Moz farmers hurt by land rush

Maputo – Three years ago, Mozambique had high hopes for a $510m biofuel project, meant to create 7 000 jobs and create a vibrant new industry by transforming 30 000 hectares of fallow land.

But in December, the government revoked the license granted to ProCana, a private firm with British and South African interests, which in two years failed to plant a single crop.

ProCana wasn’t the only company to fail to meet its promises in the wave of foreign investment in farming across Africa – a trend that activists say is driving up food prices and forcing the eviction of local farmers.

After Mozambique’s 16-year civil war ended in 1992, the government sought private investment to revitalise farming in a country with rich land and ample water that was once a major exporter of cashew nuts and sugar.

But foreign investment in agriculture has proved a tricky balance between the need to attract money and know-how from overseas and the rights of sustenance farmers, who make up 80% of the population.

The problem isn’t the land – the UN Food and Agriculture Organisation (FAO) estimated in 2002 that only 12% of Mozambique’s 36 million hectares of potential farmland was actually being planted.

Losing livelihoods

When deals are struck, activists complain that large tracts of land can be sold from under communities, with protocol ignored and promises broken.

Mozambique has a well-developed land law which requires companies to win the consent of communities to use the land, but these agreements are often vague.

“The communities don’t understand that by giving them such amounts of forest they’re losing their own livelihoods because they’re hunting there, they collect fruit, they collect traditional plants, among other building materials,” said Mozambican environmental activist Joao Nogeiro.

Companies often offer jobs as compensation for leases and communities jump at the opportunity for a stable income, he said.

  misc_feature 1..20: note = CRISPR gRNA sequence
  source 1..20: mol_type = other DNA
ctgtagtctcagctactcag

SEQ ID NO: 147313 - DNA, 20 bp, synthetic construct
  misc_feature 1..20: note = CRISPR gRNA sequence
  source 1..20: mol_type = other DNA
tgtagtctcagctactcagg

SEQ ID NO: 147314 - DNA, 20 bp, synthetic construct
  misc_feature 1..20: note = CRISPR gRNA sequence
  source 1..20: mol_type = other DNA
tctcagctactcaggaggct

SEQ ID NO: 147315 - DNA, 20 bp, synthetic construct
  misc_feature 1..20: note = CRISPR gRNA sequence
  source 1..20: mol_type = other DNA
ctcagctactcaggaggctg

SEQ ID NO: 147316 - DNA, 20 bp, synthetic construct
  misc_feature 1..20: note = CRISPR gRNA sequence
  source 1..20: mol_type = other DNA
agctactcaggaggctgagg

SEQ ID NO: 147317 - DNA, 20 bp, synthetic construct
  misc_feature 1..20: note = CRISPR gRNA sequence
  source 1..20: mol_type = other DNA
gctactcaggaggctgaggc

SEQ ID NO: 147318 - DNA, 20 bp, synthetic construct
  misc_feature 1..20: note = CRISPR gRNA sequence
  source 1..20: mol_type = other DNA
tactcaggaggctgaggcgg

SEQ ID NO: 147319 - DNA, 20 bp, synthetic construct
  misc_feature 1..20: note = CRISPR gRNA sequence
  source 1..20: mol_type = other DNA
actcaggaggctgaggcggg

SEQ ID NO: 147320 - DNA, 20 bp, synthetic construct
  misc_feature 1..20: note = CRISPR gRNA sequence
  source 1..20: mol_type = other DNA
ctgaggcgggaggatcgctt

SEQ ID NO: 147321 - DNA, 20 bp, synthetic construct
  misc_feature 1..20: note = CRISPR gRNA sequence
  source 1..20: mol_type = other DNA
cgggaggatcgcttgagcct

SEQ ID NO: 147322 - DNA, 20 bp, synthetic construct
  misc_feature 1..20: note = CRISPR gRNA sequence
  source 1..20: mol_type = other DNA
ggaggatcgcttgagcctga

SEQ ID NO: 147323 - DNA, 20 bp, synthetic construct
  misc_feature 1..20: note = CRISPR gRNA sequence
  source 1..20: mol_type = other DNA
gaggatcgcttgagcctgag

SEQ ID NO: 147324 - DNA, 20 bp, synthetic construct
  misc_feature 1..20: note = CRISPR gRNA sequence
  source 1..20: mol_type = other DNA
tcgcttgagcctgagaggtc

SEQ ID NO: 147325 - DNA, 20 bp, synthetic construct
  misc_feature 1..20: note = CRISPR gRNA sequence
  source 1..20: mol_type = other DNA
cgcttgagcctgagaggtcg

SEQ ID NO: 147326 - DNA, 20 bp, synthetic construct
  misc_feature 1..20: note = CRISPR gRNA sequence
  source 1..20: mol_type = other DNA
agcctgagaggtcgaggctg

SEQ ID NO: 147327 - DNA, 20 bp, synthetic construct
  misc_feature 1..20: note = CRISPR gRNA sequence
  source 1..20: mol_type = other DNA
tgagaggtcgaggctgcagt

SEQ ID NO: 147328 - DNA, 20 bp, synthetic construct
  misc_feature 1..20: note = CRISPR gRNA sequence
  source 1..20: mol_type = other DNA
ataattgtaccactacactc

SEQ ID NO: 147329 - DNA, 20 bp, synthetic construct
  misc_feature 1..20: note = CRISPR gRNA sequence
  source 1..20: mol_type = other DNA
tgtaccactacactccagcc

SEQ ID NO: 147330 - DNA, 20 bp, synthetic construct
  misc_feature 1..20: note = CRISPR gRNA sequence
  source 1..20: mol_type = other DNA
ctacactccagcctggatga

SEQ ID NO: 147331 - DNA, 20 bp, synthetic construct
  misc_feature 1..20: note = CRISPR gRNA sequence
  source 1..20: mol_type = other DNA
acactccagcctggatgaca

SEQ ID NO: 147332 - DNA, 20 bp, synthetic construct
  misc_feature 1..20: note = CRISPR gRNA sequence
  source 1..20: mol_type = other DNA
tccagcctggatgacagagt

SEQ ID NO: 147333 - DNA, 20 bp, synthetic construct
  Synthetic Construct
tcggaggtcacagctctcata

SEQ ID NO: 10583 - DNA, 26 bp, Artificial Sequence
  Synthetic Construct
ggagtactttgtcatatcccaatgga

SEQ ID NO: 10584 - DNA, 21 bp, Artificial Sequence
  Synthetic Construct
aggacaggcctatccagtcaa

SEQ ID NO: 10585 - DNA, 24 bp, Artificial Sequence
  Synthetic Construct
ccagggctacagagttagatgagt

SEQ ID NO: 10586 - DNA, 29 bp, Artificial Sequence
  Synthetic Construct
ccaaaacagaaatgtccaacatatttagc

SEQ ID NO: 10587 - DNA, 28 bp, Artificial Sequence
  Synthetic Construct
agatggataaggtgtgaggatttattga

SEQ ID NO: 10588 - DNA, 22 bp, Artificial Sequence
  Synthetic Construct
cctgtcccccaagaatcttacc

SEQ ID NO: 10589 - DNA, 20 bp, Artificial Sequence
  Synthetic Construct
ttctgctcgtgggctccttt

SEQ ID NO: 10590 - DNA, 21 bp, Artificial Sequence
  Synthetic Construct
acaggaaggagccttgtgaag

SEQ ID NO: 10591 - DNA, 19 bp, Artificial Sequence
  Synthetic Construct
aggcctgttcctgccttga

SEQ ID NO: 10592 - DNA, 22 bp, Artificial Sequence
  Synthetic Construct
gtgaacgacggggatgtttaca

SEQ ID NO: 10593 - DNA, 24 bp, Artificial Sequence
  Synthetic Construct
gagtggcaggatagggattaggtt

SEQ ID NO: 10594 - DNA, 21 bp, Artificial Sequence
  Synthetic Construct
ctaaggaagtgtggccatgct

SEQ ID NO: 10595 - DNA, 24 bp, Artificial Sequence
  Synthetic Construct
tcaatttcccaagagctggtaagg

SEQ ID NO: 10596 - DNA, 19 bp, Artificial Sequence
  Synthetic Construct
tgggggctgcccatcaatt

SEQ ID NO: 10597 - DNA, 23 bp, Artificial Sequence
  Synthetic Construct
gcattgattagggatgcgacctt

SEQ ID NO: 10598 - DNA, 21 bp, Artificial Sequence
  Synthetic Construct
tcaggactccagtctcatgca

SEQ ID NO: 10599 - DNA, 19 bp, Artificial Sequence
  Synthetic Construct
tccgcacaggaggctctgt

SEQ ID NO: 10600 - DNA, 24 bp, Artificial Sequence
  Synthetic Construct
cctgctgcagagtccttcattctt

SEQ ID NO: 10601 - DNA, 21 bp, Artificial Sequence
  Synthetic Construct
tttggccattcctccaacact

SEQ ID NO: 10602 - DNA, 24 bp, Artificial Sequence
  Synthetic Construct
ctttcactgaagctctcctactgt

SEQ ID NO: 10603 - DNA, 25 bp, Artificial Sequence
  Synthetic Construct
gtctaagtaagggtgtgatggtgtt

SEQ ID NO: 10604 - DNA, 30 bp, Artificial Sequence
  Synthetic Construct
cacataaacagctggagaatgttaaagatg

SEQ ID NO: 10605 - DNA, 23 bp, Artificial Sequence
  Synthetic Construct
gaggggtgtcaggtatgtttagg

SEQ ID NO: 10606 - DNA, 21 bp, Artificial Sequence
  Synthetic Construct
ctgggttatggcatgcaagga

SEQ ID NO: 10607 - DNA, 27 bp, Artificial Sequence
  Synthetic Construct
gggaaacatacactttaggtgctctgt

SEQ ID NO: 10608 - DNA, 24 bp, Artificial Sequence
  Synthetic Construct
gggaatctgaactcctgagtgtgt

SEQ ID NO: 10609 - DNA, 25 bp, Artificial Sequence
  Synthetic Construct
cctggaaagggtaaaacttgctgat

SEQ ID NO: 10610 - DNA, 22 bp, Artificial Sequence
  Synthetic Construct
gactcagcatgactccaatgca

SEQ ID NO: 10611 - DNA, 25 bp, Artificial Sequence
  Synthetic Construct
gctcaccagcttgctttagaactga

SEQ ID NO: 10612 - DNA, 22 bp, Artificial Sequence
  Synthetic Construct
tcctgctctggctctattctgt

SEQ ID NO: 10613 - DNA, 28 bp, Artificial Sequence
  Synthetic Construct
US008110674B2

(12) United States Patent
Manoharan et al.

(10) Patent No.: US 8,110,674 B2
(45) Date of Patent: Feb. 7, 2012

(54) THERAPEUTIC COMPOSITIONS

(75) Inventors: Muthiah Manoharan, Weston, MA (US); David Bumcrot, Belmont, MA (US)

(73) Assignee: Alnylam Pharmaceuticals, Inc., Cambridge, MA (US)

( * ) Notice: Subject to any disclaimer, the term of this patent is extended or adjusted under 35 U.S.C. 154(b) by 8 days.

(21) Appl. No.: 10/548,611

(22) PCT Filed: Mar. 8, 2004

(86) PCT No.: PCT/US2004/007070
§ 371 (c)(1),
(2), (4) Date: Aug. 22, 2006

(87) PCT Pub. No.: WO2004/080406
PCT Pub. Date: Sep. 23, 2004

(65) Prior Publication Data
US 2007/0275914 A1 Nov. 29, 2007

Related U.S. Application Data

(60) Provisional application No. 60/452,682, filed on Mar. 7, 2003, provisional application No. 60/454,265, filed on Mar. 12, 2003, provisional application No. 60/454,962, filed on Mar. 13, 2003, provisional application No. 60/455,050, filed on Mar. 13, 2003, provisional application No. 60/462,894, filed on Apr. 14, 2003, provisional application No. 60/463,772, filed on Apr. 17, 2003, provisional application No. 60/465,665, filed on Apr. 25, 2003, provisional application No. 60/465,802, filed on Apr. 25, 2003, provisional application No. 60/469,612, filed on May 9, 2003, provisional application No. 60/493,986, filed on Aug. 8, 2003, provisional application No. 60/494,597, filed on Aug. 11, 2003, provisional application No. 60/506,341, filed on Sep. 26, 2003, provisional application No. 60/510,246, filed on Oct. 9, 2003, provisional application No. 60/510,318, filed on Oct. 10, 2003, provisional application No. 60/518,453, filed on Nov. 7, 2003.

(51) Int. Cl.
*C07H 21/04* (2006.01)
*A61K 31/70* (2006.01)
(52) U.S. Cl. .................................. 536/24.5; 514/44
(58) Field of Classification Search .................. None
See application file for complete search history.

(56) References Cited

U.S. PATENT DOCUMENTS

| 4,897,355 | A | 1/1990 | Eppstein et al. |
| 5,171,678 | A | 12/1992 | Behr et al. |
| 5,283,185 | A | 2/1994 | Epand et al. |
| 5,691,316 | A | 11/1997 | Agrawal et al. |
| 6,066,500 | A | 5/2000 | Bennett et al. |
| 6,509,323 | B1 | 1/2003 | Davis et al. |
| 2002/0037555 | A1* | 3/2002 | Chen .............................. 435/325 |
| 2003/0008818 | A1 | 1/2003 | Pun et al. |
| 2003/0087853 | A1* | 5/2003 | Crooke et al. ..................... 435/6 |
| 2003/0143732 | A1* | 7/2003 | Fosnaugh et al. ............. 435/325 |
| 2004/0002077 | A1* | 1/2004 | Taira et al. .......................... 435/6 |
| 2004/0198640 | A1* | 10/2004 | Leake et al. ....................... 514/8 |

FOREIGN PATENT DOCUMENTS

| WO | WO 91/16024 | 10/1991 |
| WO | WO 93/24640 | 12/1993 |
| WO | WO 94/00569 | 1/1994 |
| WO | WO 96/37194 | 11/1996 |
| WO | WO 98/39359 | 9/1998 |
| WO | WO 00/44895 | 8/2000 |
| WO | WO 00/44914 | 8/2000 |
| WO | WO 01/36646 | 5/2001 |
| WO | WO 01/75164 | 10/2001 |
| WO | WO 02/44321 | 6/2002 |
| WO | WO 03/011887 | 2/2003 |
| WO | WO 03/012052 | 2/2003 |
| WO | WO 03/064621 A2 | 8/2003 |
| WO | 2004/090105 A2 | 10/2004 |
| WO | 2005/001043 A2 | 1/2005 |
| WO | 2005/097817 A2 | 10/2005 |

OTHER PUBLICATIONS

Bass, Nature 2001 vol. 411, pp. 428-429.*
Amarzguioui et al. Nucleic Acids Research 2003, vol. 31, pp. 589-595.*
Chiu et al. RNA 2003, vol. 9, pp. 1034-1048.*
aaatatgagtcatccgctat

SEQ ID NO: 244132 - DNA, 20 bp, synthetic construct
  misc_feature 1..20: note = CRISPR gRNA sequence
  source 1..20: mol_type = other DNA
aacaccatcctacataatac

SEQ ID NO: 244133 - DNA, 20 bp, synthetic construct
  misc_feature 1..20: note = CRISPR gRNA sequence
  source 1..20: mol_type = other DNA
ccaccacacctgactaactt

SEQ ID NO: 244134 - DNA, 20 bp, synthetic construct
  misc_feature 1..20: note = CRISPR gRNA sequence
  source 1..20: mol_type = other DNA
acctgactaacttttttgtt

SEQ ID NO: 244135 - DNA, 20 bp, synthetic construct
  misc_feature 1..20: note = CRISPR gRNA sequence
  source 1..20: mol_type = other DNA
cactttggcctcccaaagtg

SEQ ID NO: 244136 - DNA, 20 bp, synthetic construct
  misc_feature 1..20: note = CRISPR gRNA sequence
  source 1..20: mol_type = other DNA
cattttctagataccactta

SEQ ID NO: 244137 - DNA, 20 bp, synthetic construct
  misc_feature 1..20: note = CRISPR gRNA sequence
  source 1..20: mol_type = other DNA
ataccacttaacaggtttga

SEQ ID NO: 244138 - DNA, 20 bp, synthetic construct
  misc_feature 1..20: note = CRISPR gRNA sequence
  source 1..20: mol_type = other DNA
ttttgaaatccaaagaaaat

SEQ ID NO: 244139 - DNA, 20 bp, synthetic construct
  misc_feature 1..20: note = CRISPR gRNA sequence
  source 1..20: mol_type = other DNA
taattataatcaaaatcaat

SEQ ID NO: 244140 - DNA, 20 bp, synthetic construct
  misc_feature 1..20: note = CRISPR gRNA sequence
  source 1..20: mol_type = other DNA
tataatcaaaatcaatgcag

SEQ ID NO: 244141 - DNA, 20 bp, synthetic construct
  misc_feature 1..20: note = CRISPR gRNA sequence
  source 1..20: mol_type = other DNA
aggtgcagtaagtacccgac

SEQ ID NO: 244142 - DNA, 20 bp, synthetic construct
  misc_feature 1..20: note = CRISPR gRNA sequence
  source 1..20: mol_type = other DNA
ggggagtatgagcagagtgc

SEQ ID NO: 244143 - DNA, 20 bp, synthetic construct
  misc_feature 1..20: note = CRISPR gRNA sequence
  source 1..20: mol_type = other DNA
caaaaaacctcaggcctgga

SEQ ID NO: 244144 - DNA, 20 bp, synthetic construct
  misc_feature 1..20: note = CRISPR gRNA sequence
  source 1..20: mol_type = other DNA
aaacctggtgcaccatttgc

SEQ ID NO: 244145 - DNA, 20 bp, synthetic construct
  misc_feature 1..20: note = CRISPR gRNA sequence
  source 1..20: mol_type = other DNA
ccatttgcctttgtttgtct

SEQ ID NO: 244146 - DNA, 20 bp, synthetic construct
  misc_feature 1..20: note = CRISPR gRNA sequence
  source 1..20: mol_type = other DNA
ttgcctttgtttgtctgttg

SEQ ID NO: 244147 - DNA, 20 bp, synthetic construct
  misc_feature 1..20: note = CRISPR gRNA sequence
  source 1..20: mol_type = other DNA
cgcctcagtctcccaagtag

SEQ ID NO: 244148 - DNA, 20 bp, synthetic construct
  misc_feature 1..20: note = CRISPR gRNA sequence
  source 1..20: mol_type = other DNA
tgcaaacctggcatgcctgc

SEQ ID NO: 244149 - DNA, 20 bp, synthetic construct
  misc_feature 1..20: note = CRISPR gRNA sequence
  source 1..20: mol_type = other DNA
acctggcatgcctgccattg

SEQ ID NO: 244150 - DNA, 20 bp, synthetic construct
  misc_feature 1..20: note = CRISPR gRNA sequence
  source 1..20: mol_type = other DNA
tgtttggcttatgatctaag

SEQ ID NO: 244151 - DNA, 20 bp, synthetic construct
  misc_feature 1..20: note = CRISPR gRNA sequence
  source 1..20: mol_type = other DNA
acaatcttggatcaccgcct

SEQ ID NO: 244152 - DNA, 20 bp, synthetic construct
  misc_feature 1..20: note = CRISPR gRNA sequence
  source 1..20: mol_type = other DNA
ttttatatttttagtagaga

But workers often find their salaries are too low or discover the jobs are only short-term, Nogeiro said.

Many of the projects focus on crops for bio-fuels or for exporting foods to countries from China to the Middle East, doing little to improve the food supply in a nation that depends on imports to feed the population.

No development strategy

Rising food prices sparked deadly riots in September as Mozambicans took to the streets to protest the price of bread, forcing government to scale back its price hikes.

Despite the risks, economists say land deals offer a valuable way for Africa to attract investment.

“We see (a)significant upside for agriculture from increased investment,” Standard Chartered Bank said in a recent study, but added: “We share the view that such projects would need to be accompanied by a comprehensive development strategy.”

That’s something Mozambique doesn’t have.

The country signed deals for 2.7 million hectares of land between 2004-2008, which should have expanded the country’s farmland by more than 50%, according to a World Bank study last month.

A 2009 audit found that more than half of those investments were lagging in production – one third hadn’t even started farming, the Bank said.

Ill-equipped institutions

Meanwhile, poor boundary marking for land meant the government was allocating land to investors that was already being used by local communities, the report added.

The problem is partly because “the institutions tasked to process these ventures were ill-equipped and (unprepared) to deal with the sudden influx of interest,” the Bank said.

In one case, a company consulted a community on land that actually belonged to their neighbours, said Nogeiro.

“But because the company was in a hurry, they decided to do the process with these communities and not with the owner of the lease,” he said. “They don’t even know what they sign.”


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